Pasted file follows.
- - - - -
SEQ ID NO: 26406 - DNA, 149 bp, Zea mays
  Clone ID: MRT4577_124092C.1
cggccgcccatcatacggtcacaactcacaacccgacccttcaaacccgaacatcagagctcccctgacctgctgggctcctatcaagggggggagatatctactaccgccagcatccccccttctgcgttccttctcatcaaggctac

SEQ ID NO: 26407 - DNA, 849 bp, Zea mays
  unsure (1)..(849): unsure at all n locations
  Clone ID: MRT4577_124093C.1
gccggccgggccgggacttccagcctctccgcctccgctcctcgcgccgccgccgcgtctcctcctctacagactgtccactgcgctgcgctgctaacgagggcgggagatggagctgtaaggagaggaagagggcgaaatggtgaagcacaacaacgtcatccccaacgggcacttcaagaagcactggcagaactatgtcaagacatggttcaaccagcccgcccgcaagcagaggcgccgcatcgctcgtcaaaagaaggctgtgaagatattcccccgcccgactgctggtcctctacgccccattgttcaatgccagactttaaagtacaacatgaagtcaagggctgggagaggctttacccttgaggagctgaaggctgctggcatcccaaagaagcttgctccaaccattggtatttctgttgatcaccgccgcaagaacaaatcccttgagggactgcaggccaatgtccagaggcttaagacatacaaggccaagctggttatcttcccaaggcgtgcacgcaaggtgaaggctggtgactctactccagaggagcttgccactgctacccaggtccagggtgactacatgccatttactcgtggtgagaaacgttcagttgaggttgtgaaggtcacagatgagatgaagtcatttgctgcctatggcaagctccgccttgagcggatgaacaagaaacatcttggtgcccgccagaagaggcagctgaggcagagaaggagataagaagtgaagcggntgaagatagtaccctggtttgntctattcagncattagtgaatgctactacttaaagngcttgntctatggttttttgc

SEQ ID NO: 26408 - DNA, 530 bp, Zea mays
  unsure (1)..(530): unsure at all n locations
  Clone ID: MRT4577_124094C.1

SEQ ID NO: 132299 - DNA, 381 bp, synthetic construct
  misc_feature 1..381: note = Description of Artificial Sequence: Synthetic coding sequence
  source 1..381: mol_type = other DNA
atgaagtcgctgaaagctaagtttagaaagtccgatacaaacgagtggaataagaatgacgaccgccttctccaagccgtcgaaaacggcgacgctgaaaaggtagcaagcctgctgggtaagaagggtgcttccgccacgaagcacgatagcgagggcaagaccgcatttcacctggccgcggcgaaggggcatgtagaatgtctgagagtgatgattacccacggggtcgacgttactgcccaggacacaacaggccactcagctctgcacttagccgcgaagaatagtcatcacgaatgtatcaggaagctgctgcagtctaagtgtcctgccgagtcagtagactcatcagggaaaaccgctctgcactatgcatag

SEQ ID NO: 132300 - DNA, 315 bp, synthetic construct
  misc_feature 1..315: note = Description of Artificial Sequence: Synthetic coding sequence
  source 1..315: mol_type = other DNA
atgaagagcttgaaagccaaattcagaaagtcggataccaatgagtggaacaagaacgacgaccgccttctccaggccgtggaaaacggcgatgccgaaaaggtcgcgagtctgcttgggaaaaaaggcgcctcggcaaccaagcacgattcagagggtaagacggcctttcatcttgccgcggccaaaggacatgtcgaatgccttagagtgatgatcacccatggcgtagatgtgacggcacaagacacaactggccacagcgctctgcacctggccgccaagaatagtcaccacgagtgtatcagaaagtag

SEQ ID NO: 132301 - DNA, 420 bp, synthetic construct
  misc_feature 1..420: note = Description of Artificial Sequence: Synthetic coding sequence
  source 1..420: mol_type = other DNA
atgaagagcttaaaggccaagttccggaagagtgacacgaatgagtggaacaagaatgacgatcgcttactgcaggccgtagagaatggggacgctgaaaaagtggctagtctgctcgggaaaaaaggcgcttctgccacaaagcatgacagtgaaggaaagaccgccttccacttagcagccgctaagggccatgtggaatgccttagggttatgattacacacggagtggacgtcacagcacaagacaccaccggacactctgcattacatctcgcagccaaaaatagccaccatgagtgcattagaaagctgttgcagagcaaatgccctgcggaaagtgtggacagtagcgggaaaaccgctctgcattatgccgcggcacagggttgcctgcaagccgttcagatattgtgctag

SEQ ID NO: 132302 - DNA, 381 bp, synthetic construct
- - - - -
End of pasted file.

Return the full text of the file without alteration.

SEQ ID NO: 26406 - DNA, 149 bp, Zea mays
  Clone ID: MRT4577_124092C.1
cggccgcccatcatacggtcacaactcacaacccgacccttcaaacccgaacatcagagctcccctgacctgctgggctcctatcaagggggggagatatctactaccgccagcatccccccttctgcgttccttctcatcaaggctac

SEQ ID NO: 26407 - DNA, 849 bp, Zea mays
  unsure (1)..(849): unsure at all n locations
  Clone ID: MRT4577_124093C.1
gccggccgggccgggacttccagcctctccgcctccgctcctcgcgccgccgccgcgtctcctcctctacagactgtccactgcgctgcgctgctaacgagggcgggagatggagctgtaaggagaggaagagggcgaaatggtgaagcacaacaacgtcatccccaacgggcacttcaagaagcactggcagaactatgtcaagacatggttcaaccagcccgcccgcaagcagaggcgccgcatcgctcgtcaaaagaaggctgtgaagatattcccccgcccgactgctggtcctctacgccccattgttcaatgccagactttaaagtacaacatgaagtcaagggctgggagaggctttacccttgaggagctgaaggctgctggcatcccaaagaagcttgctccaaccattggtatttctgttgatcaccgccgcaagaacaaatcccttgagggactgcaggccaatgtccagaggcttaagacatacaaggccaagctggttatcttcccaaggcgtgcacgcaaggtgaaggctggtgactctactccagaggagcttgccactgctacccaggtccagggtgactacatgccatttactcgtggtgagaaacgttcagttgaggttgtgaaggtcacagatgagatgaagtcatttgctgcctatggcaagctccgccttgagcggatgaacaagaaacatcttggtgcccgccagaagaggcagctgaggcagagaaggagataagaagtgaagcggntgaagatagtaccctggtttgntctattcagncattagtgaatgctactacttaaagngcttgntctatggttttttgc

SEQ ID NO: 26408 - DNA, 530 bp, Zea mays
  unsure (1)..(530): unsure at all n locations
  Clone ID: MRT4577_124094C.1

SEQ ID NO: 132299 - DNA, 381 bp, synthetic construct
  misc_feature 1..381: note = Description of Artificial Sequence: Synthetic coding sequence
  source 1..381: mol_type = other DNA
atgaagtcgctgaaagctaagtttagaaagtccgatacaaacgagtggaataagaatgacgaccgccttctccaagccgtcgaaaacggcgacgctgaaaaggtagcaagcctgctgggtaagaagggtgcttccgccacgaagcacgatagcgagggcaagaccgcatttcacctggccgcggcgaaggggcatgtagaatgtctgagagtgatgattacccacggggtcgacgttactgcccaggacacaacaggccactcagctctgcacttagccgcgaagaatagtcatcacgaatgtatcaggaagctgctgcagtctaagtgtcctgccgagtcagtagactcatcagggaaaaccgctctgcactatgcatag

SEQ ID NO: 132300 - DNA, 315 bp, synthetic construct
  misc_feature 1..315: note = Description of Artificial Sequence: Synthetic coding sequence
  source 1..315: mol_type = other DNA
atgaagagcttgaaagccaaattcagaaagtcggataccaatgagtggaacaagaacgacgaccgccttctccaggccgtggaaaacggcgatgccgaaaaggtcgcgagtctgcttgggaaaaaaggcgcctcggcaaccaagcacgattcagagggtaagacggcctttcatcttgccgcggccaaaggacatgtcgaatgccttagagtgatgatcacccatggcgtagatgtgacggcacaagacacaactggccacagcgctctgcacctggccgccaagaatagtcaccacgagtgtatcagaaagtag

SEQ ID NO: 132301 - DNA, 420 bp, synthetic construct
  misc_feature 1..420: note = Description of Artificial Sequence: Synthetic coding sequence
  source 1..420: mol_type = other DNA
atgaagagcttaaaggccaagttccggaagagtgacacgaatgagtggaacaagaatgacgatcgcttactgcaggccgtagagaatggggacgctgaaaaagtggctagtctgctcgggaaaaaaggcgcttctgccacaaagcatgacagtgaaggaaagaccgccttccacttagcagccgctaagggccatgtggaatgccttagggttatgattacacacggagtggacgtcacagcacaagacaccaccggacactctgcattacatctcgcagccaaaaatagccaccatgagtgcattagaaagctgttgcagagcaaatgccctgcggaaagtgtggacagtagcgggaaaaccgctctgcattatgccgcggcacagggttgcctgcaagccgttcagatattgtgctag

SEQ ID NO: 132302 - DNA, 381 bp, synthetic construct